Here’s How You Acknowledge the Help of Others (And Why It Matters)

Doug Staneart  |  February 19, 2012
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The deepest principle in human nature is the craving to be appreciated. –William James


Most people have one defining need that very rarely gets satisfied. Many of us will move Heaven and Earth to satisfy this need. This one attribute is the single most motivating factor that leads to success.

It is the need, the want, to feel important.

The person who can satisfy this need in others, the person who can sincerely make other people feel important, can be very influential and is typically regarded by others as a good leader. In fact, you can tell a lot about an individual by what makes him feel important. My dad builds houses, and one of the most satisfying things to him is to complete a building and have others admire his work. Al Capone got his feeling of being important from power and control. Mother Teresa got her feeling of importance by helping the helpless. There are usually two reasons why people do things. The reason we tell others… and the real reason. When we give money to charity, do we really do it to help others? Or do we do it because of the satisfaction we get from helping others? We feel important because we feel like we made a difference in someone else’s life.

We you look around your office, you will see people from all walks of life who crave this feeling of importance. If any one of those people all of the sudden stopped doing their job, it would cause a lot of challenges for your company. Every single job that they do is important to the success of the company – to your success, because without them you couldn’t do your job effectively.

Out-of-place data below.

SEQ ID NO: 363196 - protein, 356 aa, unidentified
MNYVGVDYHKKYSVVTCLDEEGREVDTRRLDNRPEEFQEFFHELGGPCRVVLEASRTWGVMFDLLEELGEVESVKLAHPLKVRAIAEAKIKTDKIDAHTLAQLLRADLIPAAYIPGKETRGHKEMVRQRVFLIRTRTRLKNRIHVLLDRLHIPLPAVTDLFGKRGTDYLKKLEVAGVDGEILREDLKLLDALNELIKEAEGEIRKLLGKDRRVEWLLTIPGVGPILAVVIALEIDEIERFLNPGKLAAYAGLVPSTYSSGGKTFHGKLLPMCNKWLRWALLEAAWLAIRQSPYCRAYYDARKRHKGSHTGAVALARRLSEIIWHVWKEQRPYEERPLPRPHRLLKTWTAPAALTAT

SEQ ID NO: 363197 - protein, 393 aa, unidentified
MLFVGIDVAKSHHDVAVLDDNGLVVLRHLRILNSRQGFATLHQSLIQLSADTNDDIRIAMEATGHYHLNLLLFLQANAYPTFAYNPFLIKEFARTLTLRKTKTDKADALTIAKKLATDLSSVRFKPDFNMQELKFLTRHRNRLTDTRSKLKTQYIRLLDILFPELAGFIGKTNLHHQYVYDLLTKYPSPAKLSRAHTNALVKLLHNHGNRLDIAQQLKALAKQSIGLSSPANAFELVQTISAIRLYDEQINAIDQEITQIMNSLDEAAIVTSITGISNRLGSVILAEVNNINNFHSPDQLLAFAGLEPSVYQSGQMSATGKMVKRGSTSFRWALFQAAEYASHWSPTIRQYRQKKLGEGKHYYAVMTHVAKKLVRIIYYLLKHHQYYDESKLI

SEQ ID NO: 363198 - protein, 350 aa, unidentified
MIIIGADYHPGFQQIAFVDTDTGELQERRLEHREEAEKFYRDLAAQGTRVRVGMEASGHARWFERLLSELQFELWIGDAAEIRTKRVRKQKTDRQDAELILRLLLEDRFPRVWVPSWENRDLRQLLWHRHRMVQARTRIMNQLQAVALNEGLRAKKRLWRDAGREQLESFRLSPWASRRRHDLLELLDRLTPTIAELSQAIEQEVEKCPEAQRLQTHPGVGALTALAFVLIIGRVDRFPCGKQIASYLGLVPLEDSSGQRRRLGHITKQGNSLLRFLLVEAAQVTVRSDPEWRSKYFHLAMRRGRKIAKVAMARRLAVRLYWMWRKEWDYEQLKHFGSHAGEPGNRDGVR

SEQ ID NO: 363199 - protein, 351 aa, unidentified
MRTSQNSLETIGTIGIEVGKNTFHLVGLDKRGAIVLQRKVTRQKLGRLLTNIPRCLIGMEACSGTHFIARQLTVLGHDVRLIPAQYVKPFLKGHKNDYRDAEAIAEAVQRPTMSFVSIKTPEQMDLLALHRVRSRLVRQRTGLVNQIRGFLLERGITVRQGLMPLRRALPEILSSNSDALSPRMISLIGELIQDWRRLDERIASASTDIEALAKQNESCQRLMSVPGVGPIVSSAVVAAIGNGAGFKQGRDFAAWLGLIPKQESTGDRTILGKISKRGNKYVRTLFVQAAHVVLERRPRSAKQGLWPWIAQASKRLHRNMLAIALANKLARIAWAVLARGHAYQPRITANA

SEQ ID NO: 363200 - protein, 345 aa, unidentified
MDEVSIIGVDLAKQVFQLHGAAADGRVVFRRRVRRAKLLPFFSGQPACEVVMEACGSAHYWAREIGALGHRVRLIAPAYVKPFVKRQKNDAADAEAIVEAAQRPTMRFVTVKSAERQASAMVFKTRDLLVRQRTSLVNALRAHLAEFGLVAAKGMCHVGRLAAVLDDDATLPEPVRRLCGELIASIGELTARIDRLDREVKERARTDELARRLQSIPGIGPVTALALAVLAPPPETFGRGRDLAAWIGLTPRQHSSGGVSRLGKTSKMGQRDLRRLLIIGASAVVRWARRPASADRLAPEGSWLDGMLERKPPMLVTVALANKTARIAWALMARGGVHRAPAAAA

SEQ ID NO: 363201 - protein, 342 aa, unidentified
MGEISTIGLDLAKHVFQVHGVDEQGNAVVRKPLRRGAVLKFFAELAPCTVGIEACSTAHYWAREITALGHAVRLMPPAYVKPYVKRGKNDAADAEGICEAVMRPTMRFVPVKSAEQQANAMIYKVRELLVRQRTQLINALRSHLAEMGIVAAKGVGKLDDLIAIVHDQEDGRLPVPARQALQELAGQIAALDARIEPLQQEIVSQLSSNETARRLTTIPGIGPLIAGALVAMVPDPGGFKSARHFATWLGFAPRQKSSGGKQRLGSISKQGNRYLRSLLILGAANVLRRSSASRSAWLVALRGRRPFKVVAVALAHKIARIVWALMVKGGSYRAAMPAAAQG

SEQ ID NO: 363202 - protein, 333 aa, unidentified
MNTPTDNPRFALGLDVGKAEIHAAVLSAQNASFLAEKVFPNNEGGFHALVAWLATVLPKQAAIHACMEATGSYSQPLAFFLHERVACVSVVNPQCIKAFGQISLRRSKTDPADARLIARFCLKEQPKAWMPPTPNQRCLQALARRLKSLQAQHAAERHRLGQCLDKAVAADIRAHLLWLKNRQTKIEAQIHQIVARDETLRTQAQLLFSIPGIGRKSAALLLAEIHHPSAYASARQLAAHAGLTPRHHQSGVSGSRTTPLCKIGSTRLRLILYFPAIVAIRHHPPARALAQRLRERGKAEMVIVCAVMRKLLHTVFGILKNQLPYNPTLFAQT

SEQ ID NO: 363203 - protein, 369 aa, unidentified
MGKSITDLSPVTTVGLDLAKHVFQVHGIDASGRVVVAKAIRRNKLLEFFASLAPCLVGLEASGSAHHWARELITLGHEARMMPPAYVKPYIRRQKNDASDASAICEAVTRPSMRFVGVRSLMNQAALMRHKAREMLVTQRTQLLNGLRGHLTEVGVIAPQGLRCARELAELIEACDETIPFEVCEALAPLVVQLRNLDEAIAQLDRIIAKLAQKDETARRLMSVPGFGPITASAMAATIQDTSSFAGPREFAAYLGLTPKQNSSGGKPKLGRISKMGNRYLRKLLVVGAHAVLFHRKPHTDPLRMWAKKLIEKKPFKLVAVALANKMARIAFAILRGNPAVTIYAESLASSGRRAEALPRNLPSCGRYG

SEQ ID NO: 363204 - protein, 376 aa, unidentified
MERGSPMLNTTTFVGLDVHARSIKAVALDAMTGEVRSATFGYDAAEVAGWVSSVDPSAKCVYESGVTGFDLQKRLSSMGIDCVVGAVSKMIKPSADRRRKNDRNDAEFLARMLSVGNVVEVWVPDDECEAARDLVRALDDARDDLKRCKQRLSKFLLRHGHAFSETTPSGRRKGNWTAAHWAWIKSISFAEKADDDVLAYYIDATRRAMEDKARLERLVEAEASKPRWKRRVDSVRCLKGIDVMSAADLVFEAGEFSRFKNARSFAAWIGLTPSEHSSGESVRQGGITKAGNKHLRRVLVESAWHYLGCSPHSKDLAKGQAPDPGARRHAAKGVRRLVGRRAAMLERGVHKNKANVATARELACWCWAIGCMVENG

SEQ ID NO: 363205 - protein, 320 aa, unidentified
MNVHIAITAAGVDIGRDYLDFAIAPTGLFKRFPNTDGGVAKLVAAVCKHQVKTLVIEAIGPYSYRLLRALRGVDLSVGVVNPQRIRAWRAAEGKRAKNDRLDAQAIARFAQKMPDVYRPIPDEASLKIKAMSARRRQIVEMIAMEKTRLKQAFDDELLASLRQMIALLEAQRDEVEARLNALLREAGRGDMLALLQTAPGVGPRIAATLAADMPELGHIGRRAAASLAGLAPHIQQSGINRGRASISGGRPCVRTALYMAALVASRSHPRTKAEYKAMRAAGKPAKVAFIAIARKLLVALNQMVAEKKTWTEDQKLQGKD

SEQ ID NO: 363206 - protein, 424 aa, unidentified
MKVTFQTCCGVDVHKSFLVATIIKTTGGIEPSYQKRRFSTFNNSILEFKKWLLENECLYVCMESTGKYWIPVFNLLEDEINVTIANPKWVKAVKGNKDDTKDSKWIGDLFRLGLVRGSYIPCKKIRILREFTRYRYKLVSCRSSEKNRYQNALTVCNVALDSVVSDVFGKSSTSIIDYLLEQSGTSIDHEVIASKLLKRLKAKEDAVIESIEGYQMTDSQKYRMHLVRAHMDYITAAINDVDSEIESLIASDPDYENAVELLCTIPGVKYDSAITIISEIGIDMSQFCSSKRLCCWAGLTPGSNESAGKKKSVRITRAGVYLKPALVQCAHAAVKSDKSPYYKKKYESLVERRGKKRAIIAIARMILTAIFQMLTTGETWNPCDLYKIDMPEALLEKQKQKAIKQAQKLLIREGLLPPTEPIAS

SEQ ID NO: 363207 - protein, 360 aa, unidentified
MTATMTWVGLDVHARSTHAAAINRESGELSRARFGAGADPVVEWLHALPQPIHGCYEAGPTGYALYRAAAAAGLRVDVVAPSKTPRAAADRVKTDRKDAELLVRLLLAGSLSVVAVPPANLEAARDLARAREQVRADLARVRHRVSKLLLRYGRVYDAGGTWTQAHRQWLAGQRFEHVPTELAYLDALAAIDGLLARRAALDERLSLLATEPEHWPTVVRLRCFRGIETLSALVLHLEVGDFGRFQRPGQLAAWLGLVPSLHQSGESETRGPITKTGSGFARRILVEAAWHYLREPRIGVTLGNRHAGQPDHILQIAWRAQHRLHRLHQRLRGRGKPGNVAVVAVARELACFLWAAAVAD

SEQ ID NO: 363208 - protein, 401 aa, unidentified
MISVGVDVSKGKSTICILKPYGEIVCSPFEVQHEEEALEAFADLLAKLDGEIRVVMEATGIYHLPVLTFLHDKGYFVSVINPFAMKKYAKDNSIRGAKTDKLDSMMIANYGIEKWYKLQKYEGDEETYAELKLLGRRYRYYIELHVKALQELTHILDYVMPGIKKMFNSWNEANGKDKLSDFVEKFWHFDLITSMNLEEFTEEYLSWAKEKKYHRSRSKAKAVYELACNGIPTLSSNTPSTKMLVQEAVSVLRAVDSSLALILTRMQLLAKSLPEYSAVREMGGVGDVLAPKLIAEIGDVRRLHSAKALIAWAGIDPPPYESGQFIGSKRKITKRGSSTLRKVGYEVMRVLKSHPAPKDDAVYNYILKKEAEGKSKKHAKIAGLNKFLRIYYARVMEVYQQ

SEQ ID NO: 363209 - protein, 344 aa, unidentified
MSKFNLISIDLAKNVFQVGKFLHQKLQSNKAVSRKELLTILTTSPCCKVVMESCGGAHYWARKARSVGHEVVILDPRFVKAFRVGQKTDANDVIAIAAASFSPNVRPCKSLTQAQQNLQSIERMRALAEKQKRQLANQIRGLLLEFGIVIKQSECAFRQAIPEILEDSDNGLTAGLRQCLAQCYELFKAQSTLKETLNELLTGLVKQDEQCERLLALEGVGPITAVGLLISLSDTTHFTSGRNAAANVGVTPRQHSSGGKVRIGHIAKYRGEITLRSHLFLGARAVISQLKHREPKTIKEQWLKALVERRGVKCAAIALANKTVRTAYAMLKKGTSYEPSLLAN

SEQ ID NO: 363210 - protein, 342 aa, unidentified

When was the last time that you told them how important they were to you?

One of my class members about ten years ago decided to use this principle with his sales assistant. She was the assistant for five different salespeople, and her job was to put together marketing materials. That also included their contracts when they sold a big deal. During the class, this salesman decided the work she did for him was critical to closing deals. So on his way into the office, he bought her a big container of popcorn. He put a sticky note on it saying how important she was to him and to his success.

When he gave it to her, she was shocked and surprised, but awfully grateful as well since he was the first person in years to treat her like an equal in the office. When he came back to class the next week, he told us that she had taken the sticky note off the can and stuck it under the plastic protector that covered her desk so that she could see it every day.

I saw this man a couple of years later and asked him about the sales assistant. He told me that she is still there and still doing a fabulous job. He said, though, that she now has over a dozen of the sticky notes on her desk. She keeps every one.

Great leaders use this aspect of human nature to make people feel important. One way to be a great leader is to find some way every day to make the people around you feel important.


Team Building Principle #15: Acknowledge the Importance of Other People

author Doug Staneart
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Doug Staneart is president of The Leader's Institute ®. He is based in the Dallas, Texas Region. He is a specialist in corporate team building activities and custom presentation skills seminars.
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